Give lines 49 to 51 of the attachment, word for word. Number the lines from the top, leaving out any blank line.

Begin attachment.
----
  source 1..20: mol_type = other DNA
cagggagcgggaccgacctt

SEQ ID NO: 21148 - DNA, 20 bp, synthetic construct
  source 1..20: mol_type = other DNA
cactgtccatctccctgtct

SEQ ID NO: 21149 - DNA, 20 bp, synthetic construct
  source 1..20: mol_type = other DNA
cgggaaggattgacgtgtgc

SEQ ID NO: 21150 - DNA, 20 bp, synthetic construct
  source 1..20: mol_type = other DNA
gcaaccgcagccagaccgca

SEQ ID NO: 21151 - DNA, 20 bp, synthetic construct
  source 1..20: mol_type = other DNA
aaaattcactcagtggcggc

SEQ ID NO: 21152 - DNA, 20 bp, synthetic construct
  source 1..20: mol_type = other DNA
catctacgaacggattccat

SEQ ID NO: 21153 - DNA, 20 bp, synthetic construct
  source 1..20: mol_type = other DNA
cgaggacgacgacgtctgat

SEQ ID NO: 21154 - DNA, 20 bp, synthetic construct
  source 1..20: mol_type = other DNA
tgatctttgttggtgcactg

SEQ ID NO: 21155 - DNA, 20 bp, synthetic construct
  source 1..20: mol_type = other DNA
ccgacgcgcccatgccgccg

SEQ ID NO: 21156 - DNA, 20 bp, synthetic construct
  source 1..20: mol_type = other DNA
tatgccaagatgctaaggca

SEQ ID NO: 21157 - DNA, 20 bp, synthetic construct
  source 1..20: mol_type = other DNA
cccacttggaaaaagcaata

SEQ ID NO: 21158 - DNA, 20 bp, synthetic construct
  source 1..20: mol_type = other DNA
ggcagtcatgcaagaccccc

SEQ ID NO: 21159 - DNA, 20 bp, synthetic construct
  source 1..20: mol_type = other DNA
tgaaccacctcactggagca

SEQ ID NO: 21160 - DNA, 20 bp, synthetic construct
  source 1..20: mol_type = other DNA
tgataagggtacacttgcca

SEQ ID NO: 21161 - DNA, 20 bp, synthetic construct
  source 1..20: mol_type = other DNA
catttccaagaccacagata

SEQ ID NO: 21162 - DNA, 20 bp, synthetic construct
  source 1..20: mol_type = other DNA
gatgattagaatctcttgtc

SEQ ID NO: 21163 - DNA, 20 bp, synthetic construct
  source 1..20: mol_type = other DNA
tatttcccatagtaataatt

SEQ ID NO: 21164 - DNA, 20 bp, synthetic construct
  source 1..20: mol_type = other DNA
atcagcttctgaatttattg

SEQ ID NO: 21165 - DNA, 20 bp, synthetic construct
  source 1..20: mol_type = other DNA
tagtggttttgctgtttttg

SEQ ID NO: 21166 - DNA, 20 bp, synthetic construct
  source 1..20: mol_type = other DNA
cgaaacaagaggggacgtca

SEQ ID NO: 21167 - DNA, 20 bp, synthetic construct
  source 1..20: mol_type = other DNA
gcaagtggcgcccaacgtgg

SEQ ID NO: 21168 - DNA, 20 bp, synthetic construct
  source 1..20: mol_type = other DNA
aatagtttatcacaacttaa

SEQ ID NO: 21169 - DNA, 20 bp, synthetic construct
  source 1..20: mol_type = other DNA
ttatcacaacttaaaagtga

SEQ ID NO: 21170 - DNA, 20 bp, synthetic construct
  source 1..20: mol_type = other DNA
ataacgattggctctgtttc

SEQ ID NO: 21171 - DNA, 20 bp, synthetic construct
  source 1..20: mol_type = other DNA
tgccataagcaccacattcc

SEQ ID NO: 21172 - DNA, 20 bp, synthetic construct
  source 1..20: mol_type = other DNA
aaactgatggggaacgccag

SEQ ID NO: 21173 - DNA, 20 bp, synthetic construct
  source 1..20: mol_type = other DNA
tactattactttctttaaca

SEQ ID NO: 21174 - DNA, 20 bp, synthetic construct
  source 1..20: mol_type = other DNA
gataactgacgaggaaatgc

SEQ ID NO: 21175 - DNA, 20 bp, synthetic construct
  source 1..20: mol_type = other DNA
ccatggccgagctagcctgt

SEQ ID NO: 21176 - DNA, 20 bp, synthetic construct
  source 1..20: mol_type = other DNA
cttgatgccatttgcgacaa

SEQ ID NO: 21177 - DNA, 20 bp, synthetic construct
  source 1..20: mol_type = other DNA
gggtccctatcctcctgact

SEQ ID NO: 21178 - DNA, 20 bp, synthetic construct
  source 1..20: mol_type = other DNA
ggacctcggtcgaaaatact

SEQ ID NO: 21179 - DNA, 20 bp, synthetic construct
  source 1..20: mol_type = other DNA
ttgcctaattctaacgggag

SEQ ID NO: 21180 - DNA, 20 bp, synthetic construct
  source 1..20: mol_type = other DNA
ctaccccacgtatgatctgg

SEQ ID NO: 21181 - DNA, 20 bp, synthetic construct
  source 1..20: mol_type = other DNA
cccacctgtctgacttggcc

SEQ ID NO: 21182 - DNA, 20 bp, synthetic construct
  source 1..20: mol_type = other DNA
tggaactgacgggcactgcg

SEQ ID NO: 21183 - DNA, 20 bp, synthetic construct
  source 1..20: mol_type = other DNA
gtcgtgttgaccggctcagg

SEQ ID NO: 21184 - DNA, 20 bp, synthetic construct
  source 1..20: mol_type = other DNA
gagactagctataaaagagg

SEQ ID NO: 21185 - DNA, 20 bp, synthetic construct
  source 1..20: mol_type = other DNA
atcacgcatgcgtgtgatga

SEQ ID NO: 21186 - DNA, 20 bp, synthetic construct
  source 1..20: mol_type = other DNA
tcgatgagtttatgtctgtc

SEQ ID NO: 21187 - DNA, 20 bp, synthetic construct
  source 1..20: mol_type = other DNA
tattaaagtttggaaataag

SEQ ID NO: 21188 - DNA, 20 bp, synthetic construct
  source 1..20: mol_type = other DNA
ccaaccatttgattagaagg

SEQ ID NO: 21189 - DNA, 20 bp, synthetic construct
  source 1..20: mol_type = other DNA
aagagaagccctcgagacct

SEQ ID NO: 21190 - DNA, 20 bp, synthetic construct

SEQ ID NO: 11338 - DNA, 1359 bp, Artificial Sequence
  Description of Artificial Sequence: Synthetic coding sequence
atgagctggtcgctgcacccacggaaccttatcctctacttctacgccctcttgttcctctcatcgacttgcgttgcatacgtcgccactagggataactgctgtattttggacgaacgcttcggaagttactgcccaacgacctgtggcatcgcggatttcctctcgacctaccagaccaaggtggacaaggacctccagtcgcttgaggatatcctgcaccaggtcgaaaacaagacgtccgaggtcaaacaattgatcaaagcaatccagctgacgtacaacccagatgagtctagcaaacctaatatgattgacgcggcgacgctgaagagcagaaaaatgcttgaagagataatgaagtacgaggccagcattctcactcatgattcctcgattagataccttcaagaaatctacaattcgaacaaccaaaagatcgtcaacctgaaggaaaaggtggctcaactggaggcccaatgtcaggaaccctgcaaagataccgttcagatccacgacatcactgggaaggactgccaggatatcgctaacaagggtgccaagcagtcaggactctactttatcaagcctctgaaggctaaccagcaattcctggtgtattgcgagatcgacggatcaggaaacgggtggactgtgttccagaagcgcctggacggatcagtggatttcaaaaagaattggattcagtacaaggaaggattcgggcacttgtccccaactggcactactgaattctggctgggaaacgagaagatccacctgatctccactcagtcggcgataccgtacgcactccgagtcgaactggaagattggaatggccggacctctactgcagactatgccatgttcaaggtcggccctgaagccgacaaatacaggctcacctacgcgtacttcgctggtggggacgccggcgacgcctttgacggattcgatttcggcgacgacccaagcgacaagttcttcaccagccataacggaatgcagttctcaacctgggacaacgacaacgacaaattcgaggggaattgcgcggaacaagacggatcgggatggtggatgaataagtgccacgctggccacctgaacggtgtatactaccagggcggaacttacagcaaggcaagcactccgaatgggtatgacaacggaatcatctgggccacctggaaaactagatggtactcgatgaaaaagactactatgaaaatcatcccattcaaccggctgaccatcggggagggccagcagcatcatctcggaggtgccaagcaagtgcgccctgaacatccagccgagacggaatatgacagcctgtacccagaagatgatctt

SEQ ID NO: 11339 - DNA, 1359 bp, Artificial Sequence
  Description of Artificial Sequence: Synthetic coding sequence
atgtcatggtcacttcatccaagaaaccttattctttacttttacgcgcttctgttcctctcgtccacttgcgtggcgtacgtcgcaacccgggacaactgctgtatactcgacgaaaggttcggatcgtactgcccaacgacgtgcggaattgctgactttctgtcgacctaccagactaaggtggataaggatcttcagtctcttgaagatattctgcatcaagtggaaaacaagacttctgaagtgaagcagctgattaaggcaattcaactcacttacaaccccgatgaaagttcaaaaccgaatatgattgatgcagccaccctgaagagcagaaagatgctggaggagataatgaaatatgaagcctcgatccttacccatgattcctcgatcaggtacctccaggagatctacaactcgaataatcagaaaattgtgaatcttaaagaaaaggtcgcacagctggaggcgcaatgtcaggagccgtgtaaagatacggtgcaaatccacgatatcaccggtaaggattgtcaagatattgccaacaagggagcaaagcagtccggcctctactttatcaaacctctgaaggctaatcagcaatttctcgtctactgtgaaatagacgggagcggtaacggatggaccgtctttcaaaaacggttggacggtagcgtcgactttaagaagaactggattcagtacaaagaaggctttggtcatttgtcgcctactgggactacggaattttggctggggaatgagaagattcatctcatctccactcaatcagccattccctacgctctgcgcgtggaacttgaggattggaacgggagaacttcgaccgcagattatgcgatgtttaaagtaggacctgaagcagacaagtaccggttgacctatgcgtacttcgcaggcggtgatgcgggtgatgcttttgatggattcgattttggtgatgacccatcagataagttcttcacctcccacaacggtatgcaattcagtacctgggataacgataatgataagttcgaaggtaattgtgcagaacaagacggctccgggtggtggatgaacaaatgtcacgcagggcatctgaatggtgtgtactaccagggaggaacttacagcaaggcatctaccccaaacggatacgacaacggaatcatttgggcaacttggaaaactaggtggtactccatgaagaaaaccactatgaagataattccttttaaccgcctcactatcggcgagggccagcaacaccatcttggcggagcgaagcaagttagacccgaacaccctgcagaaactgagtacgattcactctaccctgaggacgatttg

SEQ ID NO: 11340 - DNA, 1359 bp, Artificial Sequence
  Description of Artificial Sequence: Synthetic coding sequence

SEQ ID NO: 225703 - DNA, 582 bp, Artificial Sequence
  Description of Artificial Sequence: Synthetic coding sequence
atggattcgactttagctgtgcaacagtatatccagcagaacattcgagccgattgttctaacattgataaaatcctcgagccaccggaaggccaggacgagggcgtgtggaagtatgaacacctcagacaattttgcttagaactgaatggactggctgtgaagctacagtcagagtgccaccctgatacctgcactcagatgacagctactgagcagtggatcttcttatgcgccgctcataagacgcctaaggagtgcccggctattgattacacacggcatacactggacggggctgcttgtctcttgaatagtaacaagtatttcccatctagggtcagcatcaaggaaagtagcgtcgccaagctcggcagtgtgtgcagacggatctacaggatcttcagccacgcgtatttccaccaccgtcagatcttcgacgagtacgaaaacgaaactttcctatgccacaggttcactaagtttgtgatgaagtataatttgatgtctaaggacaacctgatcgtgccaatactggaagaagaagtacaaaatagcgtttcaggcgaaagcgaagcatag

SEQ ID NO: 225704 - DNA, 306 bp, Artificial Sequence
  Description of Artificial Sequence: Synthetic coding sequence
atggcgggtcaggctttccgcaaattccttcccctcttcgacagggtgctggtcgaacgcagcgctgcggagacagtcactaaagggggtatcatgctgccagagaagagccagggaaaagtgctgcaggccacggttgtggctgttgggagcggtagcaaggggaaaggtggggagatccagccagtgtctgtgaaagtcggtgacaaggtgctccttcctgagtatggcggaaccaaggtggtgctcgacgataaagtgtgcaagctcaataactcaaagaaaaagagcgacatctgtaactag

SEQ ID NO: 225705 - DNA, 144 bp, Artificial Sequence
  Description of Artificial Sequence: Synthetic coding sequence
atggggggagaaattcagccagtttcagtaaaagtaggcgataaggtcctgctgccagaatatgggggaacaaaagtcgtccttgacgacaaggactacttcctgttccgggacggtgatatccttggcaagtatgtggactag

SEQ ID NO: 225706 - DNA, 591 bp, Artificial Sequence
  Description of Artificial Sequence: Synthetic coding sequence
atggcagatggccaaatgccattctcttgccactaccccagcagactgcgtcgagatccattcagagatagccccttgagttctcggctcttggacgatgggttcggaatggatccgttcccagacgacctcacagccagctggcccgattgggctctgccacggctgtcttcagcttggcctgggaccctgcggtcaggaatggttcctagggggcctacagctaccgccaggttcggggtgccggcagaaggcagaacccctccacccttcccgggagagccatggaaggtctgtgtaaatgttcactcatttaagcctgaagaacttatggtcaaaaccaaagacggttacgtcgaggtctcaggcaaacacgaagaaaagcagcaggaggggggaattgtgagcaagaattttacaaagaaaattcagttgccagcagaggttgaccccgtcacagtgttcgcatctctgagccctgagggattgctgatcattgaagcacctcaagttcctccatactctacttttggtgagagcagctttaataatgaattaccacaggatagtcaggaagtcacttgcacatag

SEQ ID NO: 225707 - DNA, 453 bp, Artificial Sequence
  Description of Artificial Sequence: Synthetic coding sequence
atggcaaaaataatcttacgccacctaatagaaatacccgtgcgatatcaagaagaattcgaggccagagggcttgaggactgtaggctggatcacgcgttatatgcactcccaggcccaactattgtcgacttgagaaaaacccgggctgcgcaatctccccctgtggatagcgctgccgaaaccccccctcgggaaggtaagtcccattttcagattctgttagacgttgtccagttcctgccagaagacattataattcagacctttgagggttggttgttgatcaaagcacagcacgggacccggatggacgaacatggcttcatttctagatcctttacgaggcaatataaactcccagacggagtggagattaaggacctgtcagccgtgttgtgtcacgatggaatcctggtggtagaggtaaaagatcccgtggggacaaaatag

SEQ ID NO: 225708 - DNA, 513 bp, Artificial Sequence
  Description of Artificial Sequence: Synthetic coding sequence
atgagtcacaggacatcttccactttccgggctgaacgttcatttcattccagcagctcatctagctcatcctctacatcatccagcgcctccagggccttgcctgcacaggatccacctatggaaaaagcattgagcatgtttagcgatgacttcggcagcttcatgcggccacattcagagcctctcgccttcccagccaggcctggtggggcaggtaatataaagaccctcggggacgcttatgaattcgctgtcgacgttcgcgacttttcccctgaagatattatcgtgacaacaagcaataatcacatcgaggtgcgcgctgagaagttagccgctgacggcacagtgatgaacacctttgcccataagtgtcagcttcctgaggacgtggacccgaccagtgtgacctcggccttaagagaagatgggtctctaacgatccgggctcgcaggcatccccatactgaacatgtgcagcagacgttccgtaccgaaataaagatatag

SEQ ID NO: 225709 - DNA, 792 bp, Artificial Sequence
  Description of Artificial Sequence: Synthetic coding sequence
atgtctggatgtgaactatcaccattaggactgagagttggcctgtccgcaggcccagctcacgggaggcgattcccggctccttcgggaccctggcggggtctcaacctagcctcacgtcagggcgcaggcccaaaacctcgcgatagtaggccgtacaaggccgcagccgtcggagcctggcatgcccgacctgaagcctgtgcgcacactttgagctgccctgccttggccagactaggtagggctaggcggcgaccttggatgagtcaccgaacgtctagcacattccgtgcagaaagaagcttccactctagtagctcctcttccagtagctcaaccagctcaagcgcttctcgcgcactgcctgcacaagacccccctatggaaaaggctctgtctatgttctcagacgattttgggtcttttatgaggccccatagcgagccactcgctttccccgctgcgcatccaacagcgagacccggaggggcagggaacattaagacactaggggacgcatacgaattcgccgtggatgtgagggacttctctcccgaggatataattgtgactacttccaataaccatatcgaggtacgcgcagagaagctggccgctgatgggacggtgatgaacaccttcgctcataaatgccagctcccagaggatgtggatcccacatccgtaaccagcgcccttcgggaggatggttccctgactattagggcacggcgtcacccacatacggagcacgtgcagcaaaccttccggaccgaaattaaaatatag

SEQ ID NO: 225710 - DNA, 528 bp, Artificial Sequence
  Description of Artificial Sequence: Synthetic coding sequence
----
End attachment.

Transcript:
  source 1..20: mol_type = other DNA
tatttcccatagtaataatt

SEQ ID NO: 21164 - DNA, 20 bp, synthetic construct